the tube, and the supernatant was decanted. The rinse was repeated
two more times to remove any remaining sodium polytungstate.
Slide mounts and microscope scanning. An aliquot of residue sample
was extracted with a pipette to a microscope slide and allowed to
dry. Then the residue was resuspended in 3040 μL of 50% (vol/vol)
glycerol and 50% (vol/vol) distilled water. A coverslip was placed
on top, and the edges were sealed with nail polish. All slides were
scanned under a Zeiss Axio Scope A1 fitted with polarizing filters
and DIC optics, at 200×and 400×for both starch and phytoliths.
Beer-Brewing Experiments. The brewing experiments were based on
four sets of cereal grains. The four experimental sets consisted of
broomcorn millet (40 g), foxtail millet (40 g), a mixture of broomcorn
millet (30 g) and barley (10 g), and a mixture of foxtail millet (30 g)
and barley (10 g), respectively. Each set went through three brewing
steps, including malting, mashing and fermentation. The procedure
is as follows:
First, grains were immersed in water until they began to germinate.
The room temperature was around 2028 °C. Most grains germi-
nated after 8 d, and they were drained and dried. Next, the malted
grains were crushed and mixed with heated water to achieve a final
temperature of 65 °C. The temperature was maintained for 2 h.
Finally, the mash was cooled in room temperature and allowed to
ferment in a brewing container for 2 d. During fermentation each
container was covered with a lid to create an anaerobic condition.
To obtain reference starch samples to compare with the ancient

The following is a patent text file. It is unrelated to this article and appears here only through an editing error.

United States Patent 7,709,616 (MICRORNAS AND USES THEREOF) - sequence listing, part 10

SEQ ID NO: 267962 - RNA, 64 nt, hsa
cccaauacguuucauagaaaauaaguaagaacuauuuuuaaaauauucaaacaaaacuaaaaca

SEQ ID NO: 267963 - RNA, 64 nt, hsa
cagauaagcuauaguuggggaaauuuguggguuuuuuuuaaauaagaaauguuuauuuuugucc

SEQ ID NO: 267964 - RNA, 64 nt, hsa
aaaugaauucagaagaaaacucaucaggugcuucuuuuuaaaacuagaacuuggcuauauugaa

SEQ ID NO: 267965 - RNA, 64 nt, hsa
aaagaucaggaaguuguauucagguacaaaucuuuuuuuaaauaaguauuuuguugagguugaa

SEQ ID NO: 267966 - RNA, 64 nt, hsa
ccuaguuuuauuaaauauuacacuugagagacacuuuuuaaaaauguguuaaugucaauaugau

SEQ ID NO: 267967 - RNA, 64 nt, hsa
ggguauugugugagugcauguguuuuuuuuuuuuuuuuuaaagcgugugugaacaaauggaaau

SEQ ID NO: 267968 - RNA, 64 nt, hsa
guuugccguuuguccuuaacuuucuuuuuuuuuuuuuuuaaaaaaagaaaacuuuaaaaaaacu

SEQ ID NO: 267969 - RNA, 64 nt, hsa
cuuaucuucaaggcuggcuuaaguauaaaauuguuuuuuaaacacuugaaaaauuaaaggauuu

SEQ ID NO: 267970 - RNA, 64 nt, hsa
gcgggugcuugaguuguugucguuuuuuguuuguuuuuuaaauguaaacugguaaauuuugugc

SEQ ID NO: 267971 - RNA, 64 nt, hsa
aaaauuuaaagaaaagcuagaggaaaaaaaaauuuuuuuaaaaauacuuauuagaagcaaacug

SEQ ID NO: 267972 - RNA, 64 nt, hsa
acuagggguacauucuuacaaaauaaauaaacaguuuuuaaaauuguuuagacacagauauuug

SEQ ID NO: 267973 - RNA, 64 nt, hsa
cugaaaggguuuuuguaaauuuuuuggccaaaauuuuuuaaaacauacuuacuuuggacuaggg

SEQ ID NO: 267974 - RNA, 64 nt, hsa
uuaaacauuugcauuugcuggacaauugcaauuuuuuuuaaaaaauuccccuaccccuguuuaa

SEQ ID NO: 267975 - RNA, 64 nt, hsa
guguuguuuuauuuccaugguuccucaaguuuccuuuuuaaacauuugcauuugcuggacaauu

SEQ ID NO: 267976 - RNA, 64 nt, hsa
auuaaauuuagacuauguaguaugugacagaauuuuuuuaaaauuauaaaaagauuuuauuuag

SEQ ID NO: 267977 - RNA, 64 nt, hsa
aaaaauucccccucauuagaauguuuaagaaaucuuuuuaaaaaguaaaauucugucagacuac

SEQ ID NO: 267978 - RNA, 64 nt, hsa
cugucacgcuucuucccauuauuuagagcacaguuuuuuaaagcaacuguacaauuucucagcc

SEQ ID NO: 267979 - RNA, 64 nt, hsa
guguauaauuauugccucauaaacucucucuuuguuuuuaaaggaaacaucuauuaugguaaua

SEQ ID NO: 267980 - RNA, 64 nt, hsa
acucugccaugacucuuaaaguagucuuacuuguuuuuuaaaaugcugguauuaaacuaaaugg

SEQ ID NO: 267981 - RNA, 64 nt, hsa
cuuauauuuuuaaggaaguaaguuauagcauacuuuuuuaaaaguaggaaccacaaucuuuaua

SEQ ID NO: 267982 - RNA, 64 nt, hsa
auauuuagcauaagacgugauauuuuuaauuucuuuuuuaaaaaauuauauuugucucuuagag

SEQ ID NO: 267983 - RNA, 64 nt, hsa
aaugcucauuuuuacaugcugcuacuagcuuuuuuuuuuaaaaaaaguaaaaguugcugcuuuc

starches, we took starch samples during the experiment. Two to
three malted seeds of broomcorn millet, foxtail millet, and barley
were taken for microscopic observation, and two patterns were
observed. First, all three types of malted grains had starches that
Wang et al. www.pnas.org/cgi/content/short/1601465113 1of8
showed pittings, channelings, or fissures radiating from their cen-
ters. The centers of the grains appeared hollowed but the outer
edges appeared undamaged (Fig. S3 AC). Second, this type of
damage was common and appeared in around 90% of broomcorn
millet and foxtail millet starches; it was rare and appeared in about
1% of barley starches. A second batch of starch samples was taken
from each set when mashing was done. Various levels of swelling
and distortion were present in 5% of broomcorn millet, and 10
15% of the other three samples (Fig. S3 D,G,J,andM). When
fermentation was finished, a third batch of starch samples was
taken from each set. Three patterns were observed from all four
brewing sets. First, pitted starch grains were still present, and their
outer edges also appeared damaged (see arrows in Fig. S3 E,H,
and K). Second, abundant starch grains exhibited swelling, distor-
tion, and loss of extinction cross. Many starch grains merged into
one another completely (Fig. S3 Fand O). Compared with mashed